IMG_5605_largeAs the world begins to come to grips over the fact that someone has already 3D printed a fully functional car, and that surgeons from across the globe have been able to successfully implant 3D printed structures into the human body, everyday seems to bring us yet another new surprise from within the 3D printing space. One event, which has begun to make a name for itself when showing off what additive manufacturing is capable of accomplishing is RAPID — a four day conference and exhibition dedicated to 3D printing & additive manufacturing.

Image may be reproduced only with written expression of Gregory Clarke CG Lawrence Photography

RAPID 2015 is set to kick off in Long Beach, California this week, and this year’s show will definitely not disappoint. If this weekend’s news that Stratasys would be showing off a 3D printed snowboard wasn’t enough to get you excited, then another project which will be unveiled at the event surely will.

TE Connectivity’s, Charles D. Fry will present what is claimed to be first “fully functional 3D printed motorcycle for an internal event”. Most impressive of all though, is that this vehicle was printed using ABS plastic, yet it has the ability to hold two adult riders.

“The TE team’s design concept started almost a year prior to actually building the 3D printed motorcycle,” TE representatives tell 3DPrint.com. “We thought about making a replica of an existing motorcycle, but decided against that. We then started with basic hard tail frame design and expanded upon it. The frame was simulated to insure that we had sufficient material and a few minor changes were made due to those simulations to reduce stress concentrations.”

Using Creo design software, the team at TE carefully designed all of the aspects of the vehicle and then used ANSYS for simulation. The ABS plastic parts were then 3D printed on various Fortus 3D printers from Stratasys, including the uPrint SE Plus and an EOS M280. Once all of the parts were 3D printed, it was then on to post processing by means of vapor smoothing, sanding, painting and acetone smoothing.

Image may be reproduced only with written expression of Gregory Clarke CG Lawrence Photography

When assembled, the bike measures an incredible 8 feet long, and even though it is made of plastic, it can hold an amazing amount of weight.

“The motorcycle is capable of holding two riders with a combined weight of 350-400 total pounds,” TE tells us. “The issue is the capability of the motor. It is only one horsepower and has difficulty with riders over 200 pounds and on hills.”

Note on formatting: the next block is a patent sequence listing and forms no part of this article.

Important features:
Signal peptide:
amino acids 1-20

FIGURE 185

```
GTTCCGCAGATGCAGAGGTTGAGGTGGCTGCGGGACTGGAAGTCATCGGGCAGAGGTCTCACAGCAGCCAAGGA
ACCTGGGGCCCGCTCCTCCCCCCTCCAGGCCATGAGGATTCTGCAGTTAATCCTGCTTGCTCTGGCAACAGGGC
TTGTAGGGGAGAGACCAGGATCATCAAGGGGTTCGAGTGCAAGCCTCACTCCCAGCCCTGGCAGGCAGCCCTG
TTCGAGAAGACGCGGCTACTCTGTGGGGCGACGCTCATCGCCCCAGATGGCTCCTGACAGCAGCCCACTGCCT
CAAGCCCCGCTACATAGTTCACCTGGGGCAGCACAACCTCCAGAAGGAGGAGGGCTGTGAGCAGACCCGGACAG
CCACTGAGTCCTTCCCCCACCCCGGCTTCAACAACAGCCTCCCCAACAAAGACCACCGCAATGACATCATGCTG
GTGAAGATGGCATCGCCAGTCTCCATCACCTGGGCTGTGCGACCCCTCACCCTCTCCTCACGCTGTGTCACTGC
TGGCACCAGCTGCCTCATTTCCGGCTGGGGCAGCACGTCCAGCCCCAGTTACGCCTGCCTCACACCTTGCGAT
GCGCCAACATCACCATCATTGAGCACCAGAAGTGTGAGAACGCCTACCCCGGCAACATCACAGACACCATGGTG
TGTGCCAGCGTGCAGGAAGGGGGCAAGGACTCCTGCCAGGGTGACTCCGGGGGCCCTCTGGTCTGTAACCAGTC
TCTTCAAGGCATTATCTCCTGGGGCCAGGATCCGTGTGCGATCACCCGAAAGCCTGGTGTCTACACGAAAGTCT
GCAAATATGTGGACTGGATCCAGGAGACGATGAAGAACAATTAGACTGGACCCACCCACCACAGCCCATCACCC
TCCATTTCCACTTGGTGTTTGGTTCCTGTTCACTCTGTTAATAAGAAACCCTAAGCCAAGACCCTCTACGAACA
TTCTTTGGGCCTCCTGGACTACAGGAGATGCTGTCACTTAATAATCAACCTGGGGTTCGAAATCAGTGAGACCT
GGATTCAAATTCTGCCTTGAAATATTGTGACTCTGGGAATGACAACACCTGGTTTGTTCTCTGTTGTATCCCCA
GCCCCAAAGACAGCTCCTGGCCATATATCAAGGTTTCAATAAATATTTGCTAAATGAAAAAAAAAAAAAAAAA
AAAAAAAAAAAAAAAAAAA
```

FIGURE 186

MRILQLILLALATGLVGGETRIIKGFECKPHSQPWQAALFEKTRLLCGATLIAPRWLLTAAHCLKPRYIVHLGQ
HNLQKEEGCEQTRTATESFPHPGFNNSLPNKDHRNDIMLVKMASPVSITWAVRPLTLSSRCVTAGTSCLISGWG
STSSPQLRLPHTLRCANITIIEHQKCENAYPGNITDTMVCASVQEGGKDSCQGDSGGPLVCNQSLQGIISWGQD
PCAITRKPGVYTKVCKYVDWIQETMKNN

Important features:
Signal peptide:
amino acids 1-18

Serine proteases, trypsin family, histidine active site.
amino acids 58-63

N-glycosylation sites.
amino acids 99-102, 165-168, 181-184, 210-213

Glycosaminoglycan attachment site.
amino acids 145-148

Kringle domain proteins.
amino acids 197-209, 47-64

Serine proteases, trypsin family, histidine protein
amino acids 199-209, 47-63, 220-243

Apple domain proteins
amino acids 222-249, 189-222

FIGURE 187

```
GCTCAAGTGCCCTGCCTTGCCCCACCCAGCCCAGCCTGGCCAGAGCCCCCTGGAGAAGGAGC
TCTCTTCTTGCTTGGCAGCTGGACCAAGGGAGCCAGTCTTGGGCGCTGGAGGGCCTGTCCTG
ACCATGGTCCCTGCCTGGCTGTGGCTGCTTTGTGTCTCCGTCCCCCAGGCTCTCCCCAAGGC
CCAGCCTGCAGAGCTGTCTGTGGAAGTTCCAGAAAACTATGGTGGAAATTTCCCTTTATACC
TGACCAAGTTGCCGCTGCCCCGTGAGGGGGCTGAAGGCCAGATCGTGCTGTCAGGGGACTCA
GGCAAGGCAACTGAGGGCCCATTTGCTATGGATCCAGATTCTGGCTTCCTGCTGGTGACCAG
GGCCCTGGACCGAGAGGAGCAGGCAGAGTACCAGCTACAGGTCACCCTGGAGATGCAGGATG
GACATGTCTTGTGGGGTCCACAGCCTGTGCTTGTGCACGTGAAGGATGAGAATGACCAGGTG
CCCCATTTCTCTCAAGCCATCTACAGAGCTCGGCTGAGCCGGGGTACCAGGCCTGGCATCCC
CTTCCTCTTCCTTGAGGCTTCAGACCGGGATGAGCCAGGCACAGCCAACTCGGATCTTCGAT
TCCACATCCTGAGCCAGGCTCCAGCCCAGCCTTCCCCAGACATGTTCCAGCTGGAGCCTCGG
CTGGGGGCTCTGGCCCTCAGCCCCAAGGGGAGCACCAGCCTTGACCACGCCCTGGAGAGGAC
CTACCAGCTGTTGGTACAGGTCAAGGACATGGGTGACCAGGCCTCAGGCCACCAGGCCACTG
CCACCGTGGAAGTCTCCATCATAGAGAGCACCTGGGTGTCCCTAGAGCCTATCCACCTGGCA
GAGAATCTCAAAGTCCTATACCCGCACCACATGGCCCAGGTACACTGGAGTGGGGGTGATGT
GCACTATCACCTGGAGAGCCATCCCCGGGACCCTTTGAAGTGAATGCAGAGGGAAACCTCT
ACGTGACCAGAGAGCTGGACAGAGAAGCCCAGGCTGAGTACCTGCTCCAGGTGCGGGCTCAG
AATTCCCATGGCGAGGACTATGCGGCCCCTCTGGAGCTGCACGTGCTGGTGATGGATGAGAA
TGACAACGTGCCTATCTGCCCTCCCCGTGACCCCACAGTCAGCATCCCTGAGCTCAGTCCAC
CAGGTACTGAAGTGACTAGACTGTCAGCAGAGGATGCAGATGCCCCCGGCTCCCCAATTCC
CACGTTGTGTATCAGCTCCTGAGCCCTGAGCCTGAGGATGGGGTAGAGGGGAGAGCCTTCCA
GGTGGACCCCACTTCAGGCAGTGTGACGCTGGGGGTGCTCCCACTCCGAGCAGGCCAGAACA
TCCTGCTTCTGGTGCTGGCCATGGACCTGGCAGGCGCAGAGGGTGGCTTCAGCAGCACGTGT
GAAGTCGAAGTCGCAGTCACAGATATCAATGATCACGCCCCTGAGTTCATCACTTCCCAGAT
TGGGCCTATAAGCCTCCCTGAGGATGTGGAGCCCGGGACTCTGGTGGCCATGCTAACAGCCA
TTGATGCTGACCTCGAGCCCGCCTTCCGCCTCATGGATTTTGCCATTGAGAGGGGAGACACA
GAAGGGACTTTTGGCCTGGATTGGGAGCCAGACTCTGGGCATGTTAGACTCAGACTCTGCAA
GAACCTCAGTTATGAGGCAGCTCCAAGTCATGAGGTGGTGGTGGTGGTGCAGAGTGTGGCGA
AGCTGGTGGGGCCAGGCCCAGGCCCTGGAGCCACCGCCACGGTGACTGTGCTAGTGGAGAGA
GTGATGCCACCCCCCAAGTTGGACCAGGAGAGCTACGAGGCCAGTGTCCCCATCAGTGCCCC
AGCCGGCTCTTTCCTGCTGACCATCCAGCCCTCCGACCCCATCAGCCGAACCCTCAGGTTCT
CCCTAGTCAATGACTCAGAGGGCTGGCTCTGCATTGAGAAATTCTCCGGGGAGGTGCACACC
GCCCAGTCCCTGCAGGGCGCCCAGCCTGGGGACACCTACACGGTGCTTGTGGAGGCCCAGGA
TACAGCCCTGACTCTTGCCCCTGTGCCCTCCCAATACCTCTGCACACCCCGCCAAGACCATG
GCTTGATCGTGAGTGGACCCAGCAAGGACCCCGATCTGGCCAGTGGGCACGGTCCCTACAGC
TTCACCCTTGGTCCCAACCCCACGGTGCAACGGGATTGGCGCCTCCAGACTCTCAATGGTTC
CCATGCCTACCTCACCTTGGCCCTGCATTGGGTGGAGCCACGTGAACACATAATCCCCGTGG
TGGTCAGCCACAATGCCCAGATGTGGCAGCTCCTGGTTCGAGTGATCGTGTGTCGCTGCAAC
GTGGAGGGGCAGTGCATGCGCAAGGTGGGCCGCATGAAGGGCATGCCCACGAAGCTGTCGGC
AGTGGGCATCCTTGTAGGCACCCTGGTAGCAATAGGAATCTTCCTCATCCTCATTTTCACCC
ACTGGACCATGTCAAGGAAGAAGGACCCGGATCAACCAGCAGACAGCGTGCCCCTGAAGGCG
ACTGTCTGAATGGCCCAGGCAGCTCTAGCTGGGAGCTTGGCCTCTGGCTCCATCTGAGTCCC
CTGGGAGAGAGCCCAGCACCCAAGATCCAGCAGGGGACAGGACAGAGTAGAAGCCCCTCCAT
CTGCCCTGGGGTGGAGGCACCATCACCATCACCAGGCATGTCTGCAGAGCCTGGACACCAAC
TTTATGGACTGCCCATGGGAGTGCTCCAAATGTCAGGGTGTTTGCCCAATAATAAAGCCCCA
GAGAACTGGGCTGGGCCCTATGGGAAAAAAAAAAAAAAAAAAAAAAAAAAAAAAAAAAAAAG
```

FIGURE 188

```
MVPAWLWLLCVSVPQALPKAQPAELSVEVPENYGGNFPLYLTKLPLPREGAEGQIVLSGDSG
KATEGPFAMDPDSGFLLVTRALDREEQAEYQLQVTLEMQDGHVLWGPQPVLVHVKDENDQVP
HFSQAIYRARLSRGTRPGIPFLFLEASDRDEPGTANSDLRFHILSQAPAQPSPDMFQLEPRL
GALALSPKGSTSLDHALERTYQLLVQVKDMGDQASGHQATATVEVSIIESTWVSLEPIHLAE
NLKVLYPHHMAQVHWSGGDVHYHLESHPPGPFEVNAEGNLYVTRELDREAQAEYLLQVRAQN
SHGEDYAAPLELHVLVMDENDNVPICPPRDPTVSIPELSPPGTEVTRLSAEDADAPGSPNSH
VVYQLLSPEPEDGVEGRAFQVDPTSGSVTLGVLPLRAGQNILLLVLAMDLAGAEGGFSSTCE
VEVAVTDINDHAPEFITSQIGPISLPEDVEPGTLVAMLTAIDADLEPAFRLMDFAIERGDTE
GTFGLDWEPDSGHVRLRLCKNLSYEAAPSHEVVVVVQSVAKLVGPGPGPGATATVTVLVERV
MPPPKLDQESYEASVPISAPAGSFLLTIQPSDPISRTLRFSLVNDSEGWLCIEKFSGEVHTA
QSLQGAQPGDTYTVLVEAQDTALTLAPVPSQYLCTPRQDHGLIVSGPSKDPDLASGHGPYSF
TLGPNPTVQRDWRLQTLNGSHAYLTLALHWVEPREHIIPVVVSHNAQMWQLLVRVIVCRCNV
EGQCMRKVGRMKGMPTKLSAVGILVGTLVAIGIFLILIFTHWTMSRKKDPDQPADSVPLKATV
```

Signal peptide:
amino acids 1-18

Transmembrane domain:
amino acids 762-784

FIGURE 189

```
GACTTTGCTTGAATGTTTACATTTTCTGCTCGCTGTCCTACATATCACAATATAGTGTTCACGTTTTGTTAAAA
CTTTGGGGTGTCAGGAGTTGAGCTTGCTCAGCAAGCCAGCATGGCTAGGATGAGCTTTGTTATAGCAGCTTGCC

Image may be reproduced only with written expression of Gregory Clarke CG Lawrence Photography

This motorcycle has the ability to drive between 10-15 miles per hour using an all-electric motor,which was not actually 3D printed. The parts which were manufactured via other methods include; the drive belt, the various electronics, some of the bolts and the braking system. The vast majority of the other parts were all 3D printed in the aforementioned ABS plastic. This includes the wheel bearings, handlebars, frame, seat, and more. The wheel bearings were actually the highest risk 3D printed part that TE had to create.

“We built samples (of the wheel bearings) and tested them at 2000 rpm,” TE explains. “We then built rims to insure that the beads would hold the tires when the inner tubes are fully inflated. After these items, it was mostly aesthetic issues and good design practice.”

The motorcycle, which will be exhibited at RAPID 2015, actually is a rebuild of the first one which unfortunately was damaged in a transportation accident. A few minor improvements have been made to this second iteration, including the way in which the electric motor is mounted to the frame.  This ended up improving the bike’s overall performance.

Image may be reproduced only with written expression of Gregory Clarke CG Lawrence Photography

While this probably wouldn’t be a bike that you would take on a leisurely ride across country, it certainly goes to show the potential that even some of the most simplistic forms of 3D printing can provide, not just for prototyping but for the creation of end-use products. For those of you able to attend RAPID 2015, be sure to check out this amazing motorcycle on Wednesday, May 20 between 10:00 am – 10:25 am, when Charles D. Fry discusses its development in depth for those in attendance.

What do you think about this incredible creation? Would you like to have this awesome piece of machinery in your garage? Discuss in the fully functional 3D printed motorcycle forum thread on 3DPB.com.

Image may be reproduced only with written expression of Gregory Clarke CG Lawrence Photography

[Image source: TE Connectivity]
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